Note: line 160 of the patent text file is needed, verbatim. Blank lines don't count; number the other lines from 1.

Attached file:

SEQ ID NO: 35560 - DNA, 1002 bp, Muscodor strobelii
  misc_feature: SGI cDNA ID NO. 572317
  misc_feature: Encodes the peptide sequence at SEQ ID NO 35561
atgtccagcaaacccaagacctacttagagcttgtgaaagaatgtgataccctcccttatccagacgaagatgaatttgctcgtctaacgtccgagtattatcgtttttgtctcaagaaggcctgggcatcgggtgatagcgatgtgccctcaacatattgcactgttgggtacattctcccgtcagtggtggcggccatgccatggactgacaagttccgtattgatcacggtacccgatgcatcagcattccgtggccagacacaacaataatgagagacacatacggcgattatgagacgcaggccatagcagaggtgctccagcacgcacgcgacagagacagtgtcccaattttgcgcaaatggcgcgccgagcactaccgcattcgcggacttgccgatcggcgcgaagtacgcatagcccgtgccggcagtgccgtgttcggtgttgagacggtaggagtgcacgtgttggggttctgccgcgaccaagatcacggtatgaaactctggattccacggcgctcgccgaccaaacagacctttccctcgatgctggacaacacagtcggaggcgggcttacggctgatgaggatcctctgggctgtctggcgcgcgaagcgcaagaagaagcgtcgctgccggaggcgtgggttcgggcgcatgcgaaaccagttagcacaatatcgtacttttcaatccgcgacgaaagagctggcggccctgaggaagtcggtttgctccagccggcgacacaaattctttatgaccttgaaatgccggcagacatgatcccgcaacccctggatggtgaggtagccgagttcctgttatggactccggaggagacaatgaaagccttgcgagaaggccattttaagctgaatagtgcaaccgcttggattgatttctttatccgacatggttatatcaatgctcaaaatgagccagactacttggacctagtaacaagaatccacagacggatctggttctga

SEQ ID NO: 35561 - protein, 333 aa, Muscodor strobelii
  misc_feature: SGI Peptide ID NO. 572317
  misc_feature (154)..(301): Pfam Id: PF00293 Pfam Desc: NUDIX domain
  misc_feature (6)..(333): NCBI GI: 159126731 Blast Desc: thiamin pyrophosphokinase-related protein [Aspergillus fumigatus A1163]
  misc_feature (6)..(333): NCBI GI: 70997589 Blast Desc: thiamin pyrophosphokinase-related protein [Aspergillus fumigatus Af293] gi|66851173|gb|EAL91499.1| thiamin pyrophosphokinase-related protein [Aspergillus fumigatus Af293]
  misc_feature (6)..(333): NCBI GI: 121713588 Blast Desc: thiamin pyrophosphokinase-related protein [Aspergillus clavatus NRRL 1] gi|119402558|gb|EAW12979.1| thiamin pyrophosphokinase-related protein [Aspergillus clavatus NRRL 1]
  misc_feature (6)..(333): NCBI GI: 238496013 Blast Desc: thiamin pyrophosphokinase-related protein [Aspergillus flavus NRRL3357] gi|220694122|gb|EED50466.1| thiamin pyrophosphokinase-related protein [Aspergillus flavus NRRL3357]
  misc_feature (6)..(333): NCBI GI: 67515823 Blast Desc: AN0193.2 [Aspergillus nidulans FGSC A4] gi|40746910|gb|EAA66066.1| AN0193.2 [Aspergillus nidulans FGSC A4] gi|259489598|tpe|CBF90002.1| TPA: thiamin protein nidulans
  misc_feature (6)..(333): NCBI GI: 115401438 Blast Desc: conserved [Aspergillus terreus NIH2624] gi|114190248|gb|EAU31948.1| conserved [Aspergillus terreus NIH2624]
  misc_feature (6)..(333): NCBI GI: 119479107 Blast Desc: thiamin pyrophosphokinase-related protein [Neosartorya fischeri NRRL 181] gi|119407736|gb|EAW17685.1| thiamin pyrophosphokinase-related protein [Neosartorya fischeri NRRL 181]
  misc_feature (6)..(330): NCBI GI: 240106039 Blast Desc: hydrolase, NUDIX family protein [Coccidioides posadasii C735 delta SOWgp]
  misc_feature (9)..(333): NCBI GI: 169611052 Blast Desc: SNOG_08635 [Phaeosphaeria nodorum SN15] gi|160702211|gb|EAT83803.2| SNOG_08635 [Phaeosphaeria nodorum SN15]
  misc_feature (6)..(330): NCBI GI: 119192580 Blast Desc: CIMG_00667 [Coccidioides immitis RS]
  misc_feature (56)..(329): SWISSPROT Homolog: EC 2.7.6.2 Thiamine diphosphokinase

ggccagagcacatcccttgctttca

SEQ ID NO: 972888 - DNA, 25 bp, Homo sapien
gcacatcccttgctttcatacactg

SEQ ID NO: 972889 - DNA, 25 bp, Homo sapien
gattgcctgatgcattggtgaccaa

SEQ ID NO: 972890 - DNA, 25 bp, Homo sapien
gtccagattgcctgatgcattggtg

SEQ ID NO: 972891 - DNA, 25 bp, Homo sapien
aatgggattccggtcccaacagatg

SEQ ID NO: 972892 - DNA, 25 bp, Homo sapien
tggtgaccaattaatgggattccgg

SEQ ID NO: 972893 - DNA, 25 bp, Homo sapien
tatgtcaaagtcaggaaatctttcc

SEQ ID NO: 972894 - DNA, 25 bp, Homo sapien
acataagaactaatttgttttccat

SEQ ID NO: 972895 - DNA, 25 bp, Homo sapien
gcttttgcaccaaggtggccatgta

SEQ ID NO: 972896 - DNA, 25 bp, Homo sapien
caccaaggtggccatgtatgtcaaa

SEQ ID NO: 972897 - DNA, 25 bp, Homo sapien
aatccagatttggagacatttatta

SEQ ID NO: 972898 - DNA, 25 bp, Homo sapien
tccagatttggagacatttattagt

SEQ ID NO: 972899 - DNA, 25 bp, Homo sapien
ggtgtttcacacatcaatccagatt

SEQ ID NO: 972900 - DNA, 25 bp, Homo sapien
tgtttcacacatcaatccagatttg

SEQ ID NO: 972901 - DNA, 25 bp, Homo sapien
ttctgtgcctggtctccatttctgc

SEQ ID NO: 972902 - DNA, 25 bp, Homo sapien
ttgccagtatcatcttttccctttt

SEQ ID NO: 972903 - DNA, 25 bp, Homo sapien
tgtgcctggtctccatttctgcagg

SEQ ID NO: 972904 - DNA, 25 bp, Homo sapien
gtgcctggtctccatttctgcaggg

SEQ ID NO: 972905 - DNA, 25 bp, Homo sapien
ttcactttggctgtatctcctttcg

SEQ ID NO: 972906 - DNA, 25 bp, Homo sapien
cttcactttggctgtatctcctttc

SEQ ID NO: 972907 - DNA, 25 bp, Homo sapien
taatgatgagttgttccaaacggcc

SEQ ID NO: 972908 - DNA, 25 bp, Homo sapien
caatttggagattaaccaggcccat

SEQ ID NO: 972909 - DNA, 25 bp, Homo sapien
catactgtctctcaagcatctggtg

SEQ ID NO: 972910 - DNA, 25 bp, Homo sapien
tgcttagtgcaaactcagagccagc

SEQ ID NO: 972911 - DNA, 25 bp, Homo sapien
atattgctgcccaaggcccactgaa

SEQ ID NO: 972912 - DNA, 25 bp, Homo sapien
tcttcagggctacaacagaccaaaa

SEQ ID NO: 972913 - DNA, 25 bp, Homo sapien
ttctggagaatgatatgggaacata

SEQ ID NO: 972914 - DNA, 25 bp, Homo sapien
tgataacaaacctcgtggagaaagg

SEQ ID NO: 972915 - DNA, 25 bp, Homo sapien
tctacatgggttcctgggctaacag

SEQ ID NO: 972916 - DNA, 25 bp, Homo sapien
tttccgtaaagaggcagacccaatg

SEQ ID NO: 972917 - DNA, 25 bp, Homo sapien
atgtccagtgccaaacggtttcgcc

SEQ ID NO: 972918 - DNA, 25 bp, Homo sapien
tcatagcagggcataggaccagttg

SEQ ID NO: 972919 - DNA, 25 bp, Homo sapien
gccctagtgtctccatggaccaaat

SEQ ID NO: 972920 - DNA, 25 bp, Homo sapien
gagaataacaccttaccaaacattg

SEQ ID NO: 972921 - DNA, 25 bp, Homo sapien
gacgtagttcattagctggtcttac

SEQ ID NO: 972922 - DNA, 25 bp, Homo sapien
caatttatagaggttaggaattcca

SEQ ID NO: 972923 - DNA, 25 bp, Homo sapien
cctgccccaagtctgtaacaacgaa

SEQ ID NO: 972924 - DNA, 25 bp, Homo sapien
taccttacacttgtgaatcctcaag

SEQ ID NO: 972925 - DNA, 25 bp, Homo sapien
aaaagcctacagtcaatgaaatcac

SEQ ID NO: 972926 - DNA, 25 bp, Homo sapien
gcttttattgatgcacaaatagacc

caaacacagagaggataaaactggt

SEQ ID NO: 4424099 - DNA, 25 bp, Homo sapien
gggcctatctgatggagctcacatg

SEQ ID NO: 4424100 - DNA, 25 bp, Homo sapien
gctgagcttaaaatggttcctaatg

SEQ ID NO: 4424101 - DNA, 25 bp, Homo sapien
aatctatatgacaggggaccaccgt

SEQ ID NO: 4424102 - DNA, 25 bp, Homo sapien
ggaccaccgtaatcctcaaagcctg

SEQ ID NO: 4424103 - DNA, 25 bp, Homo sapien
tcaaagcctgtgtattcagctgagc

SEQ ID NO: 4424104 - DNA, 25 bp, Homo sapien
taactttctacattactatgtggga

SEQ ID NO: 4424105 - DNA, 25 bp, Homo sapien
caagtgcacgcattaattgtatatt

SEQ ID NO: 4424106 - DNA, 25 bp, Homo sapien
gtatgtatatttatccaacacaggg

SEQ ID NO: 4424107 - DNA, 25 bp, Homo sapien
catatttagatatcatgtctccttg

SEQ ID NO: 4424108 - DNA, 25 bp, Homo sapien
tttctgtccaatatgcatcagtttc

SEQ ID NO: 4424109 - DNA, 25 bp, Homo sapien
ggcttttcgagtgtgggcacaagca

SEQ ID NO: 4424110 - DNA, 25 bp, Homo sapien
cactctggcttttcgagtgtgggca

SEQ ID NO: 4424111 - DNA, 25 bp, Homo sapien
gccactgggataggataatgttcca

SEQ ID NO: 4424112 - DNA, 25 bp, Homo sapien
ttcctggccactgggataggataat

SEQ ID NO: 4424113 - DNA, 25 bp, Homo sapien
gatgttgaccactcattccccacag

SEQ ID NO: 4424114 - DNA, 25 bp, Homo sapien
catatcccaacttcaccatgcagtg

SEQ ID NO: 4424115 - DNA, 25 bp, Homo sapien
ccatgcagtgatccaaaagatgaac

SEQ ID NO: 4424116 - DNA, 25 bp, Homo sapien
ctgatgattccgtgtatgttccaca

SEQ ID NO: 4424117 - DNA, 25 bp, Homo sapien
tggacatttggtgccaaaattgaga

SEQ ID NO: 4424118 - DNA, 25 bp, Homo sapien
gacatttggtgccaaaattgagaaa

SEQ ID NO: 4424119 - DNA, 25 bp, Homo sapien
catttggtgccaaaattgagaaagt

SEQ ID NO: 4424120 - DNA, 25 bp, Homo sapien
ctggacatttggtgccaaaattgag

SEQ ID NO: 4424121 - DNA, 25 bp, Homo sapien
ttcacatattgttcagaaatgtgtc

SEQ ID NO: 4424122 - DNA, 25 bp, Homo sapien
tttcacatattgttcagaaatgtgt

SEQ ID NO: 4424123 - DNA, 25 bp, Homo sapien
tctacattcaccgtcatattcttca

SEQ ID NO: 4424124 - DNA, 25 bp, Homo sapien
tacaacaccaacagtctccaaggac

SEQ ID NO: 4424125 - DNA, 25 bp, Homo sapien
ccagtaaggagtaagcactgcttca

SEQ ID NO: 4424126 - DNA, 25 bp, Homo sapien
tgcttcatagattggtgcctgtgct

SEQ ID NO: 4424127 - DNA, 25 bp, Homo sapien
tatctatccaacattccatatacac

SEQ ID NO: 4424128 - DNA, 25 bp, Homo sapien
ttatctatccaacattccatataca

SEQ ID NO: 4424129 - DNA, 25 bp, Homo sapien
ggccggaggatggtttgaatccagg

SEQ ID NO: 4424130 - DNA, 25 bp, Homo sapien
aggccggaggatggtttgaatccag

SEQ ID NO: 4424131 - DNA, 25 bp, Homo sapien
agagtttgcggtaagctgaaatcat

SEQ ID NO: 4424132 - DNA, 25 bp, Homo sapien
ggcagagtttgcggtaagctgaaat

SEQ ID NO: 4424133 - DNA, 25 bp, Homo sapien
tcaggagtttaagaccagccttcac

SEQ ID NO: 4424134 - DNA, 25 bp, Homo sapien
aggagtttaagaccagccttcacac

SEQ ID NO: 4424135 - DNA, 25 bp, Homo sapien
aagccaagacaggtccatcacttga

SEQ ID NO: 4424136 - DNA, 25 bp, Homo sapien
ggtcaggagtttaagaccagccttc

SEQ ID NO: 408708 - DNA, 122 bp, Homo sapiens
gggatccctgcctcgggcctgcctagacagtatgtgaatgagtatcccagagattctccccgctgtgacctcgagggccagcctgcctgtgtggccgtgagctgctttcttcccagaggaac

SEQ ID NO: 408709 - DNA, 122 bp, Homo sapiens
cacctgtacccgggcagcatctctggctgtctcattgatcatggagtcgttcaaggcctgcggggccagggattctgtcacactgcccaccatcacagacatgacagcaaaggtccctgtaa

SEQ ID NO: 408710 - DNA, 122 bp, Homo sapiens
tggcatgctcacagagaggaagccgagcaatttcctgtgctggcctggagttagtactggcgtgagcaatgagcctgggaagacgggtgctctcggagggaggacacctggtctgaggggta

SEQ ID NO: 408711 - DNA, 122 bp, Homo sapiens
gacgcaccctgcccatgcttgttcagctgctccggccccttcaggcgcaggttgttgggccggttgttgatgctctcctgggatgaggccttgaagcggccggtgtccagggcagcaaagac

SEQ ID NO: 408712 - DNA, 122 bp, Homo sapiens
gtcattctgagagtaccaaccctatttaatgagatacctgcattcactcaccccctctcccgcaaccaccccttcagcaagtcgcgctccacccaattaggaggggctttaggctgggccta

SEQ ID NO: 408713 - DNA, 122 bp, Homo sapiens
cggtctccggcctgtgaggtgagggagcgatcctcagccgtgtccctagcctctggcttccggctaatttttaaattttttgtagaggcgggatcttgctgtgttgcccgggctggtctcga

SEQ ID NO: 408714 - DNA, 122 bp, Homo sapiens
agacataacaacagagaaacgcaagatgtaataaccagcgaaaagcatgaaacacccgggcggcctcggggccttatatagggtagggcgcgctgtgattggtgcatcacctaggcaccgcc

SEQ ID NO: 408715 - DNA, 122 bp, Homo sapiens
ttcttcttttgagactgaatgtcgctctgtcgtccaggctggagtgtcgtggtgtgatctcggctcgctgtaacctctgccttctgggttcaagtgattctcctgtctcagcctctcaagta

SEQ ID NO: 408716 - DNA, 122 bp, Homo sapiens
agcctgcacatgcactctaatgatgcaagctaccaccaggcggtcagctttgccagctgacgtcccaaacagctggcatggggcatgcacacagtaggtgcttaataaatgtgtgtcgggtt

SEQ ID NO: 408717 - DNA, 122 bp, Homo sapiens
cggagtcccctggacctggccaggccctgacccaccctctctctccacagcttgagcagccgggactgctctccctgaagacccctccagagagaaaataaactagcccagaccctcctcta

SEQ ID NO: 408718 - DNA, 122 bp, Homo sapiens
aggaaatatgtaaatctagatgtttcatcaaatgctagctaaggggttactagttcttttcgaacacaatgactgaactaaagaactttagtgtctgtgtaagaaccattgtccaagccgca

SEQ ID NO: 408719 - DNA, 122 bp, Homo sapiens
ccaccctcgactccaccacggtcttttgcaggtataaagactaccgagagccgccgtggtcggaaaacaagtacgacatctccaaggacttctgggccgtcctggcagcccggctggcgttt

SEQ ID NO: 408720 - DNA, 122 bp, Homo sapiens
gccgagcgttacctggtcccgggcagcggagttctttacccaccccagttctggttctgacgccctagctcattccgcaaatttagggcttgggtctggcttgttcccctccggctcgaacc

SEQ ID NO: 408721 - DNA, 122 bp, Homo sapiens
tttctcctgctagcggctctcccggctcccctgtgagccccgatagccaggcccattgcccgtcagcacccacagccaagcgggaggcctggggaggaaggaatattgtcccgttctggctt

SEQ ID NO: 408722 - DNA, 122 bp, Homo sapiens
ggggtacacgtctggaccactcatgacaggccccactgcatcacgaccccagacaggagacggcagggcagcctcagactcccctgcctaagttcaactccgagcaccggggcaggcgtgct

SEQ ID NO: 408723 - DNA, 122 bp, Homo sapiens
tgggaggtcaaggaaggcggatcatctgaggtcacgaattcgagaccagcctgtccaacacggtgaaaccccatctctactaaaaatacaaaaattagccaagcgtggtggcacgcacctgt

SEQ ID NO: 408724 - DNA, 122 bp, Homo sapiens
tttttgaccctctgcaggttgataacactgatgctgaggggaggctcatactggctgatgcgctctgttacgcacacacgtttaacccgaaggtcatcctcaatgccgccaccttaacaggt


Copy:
ggccggaggatggtttgaatccagg